It wasn’t that the Navigatrix was worried about the Captain, but it was very out of character for her to be late to dinner.
The Captain was the one who decided when dinner happened, for one. She was also usually the one to round the rest of them up when the Bosun gave the signal. She also, it turned out, carried a lot of the dinner conversation.
After the third attempt by the Engineer to draw them all into a rousing explanation of the microtransistors she was using in the short-range radio comms, the Bosun slammed the lid back on the pot.
“Why would she stay out this late?” She huffed. “Food doesn’t stay good forever.”
“I’m sure it’s not a personal slight.” The Navigatrix gently lifted the pot lid and served herself seconds. “It’s certainly her loss.”
“You don’t think there’s anything dangerous out there?” The Engineer let only the slightest hint of guilt into her voice.
The Stowaway also, somehow, looked guilty; they rarely wore emotions on their face, and the Navigatrix tucked that fact away for later contemplation.
“I’m sure she’s wrestled worse than this planet,” said the Bosun. “Saw her disable two security bots with one right hook once.”
There was a moment of silence while they all contemplated that feat. Then, one by one, they turned to the Navigatrix.
“Sorry, but I don’t throw hooks of any type.” She folded her arms.
“Your entire job description is finding things,” countered the Engineer.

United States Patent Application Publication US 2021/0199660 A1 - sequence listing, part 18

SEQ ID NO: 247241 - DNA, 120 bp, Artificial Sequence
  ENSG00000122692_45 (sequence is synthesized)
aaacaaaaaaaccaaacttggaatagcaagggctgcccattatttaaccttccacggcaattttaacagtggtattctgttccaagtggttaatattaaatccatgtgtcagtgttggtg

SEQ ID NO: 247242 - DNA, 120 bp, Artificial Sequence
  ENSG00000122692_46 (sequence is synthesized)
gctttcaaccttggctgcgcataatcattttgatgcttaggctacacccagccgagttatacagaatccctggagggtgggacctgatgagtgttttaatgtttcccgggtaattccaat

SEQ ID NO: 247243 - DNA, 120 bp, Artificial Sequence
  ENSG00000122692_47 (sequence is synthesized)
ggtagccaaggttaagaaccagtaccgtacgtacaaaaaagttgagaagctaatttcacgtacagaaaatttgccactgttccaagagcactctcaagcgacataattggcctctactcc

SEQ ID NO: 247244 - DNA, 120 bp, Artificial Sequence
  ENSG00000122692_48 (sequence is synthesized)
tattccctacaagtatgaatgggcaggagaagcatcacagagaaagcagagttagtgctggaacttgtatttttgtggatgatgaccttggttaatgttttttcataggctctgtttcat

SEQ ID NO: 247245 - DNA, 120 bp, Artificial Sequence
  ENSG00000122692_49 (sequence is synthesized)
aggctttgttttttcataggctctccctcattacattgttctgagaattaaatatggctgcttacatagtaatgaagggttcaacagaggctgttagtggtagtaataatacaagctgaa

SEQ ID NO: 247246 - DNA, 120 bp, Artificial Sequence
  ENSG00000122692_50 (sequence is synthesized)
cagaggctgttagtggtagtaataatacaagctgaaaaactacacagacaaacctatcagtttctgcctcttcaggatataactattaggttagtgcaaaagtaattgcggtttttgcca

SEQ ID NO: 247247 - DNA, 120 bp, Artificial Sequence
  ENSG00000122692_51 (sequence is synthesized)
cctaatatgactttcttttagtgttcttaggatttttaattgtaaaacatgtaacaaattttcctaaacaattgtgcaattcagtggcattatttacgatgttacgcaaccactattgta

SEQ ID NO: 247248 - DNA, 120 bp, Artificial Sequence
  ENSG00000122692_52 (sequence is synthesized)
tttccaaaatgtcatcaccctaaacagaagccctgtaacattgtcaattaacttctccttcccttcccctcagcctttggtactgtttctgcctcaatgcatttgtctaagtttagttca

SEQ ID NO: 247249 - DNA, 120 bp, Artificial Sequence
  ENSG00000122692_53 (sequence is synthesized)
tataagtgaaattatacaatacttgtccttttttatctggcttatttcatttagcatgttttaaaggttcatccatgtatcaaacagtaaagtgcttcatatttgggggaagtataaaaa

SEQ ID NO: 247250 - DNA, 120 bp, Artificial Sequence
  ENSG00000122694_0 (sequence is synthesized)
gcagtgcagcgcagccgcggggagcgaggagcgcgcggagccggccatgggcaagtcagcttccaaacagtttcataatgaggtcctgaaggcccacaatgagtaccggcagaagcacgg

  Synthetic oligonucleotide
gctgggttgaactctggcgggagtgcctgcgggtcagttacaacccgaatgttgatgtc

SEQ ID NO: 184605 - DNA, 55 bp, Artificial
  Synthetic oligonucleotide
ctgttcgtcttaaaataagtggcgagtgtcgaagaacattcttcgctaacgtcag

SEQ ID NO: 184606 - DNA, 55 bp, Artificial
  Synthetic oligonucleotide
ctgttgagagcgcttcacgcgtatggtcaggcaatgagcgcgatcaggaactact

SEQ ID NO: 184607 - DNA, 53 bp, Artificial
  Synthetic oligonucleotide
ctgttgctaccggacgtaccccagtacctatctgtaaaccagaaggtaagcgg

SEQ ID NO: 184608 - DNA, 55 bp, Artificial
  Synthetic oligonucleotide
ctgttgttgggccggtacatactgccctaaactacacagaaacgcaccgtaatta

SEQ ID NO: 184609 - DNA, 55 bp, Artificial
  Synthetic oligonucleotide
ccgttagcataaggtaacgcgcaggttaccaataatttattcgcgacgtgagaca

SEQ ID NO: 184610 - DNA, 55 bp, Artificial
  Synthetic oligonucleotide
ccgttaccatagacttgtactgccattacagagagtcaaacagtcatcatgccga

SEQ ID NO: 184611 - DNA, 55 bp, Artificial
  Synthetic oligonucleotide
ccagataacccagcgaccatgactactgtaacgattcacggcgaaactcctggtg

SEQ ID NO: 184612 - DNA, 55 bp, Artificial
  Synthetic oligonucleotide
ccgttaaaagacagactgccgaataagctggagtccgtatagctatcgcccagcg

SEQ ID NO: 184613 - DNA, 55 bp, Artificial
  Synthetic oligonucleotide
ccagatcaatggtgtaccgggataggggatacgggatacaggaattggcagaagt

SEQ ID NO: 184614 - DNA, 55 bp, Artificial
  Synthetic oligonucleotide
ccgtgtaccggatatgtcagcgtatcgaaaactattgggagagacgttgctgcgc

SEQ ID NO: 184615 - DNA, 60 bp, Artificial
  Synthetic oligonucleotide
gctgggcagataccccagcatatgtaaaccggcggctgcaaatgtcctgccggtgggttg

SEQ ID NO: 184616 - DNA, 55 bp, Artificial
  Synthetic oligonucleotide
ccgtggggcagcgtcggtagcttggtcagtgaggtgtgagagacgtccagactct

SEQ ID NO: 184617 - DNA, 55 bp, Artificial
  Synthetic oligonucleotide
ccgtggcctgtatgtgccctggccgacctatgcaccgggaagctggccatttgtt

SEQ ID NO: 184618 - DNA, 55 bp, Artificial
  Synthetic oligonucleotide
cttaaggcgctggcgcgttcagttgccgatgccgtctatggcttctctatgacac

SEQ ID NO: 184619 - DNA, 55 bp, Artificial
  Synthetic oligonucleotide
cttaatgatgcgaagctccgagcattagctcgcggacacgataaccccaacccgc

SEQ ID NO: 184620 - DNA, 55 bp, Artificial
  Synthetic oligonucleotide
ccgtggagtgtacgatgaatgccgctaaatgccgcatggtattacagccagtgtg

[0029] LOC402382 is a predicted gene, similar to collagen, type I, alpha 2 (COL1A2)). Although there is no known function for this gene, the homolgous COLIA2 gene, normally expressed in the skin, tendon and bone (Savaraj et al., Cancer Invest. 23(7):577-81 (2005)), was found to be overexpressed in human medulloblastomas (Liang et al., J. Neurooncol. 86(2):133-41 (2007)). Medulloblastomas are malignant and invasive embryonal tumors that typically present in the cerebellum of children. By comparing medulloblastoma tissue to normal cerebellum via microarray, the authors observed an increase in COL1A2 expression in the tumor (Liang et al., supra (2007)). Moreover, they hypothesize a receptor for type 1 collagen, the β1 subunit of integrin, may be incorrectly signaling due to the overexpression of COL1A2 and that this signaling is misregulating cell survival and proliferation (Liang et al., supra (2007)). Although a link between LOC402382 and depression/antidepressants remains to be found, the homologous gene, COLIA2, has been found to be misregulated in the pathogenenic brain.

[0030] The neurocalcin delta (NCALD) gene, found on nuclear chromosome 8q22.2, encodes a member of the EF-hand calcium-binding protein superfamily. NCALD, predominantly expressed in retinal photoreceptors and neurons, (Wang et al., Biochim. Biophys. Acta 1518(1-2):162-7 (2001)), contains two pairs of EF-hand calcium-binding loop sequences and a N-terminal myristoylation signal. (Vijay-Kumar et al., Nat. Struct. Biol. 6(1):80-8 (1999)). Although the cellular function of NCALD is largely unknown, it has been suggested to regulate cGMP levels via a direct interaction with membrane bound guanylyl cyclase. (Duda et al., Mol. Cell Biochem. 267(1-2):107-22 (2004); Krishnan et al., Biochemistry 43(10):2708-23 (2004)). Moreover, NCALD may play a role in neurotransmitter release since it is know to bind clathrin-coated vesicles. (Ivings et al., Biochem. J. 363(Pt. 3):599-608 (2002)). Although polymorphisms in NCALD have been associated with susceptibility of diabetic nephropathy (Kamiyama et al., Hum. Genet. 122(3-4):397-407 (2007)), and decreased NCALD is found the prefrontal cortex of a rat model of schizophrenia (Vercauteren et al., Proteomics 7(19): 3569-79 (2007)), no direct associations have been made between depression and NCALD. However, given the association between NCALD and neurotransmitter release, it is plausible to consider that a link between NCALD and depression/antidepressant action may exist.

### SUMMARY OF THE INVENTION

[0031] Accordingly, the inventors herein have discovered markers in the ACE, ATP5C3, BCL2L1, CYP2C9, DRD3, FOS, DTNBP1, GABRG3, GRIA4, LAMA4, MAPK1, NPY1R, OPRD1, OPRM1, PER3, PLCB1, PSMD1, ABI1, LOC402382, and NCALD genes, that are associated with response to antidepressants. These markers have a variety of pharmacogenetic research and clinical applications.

“Things in space!”
“We’re all technically in space!”
“Yelling at me won’t make me better at a thing I don’t know how to do.”
The Engineer huffed and sat back. “You want us to all sit here and wait to see if she’s coming back at all?” Behind her, the green glow of the horizon threatened sunrise.
Suddenly, the Stowaway stood up. They looked pointedly at the Navigatrix, and then grabbed a water bottle and walked to the edge of the camp. When the Navigatrix returned their gaze, they tilted their head to one side in a gesture that felt half challenge, half dismissal.
“Well.” She stood up and stared them in the eye a little longer. They didn’t flinch, just stood there. “Fine.”
The Navigatrix picked up a water bottle for herself, and looked at the Engineer. “Did you reassemble those short range radios? I see I’m going on a rescue mission.”
Later, as she and the Stowaway walked away from camp, the silent guest in front, she considered the possibility that this was a way to murder them all, one by one. They were small, yes, but who knew what skills they had besides, apparently, tracking captains through wilderness.
“For the record” she hissed, “I don’t really trust you.”
The Stowaway gave her a withering glare, then returned to scanning for signs of their errant Captain.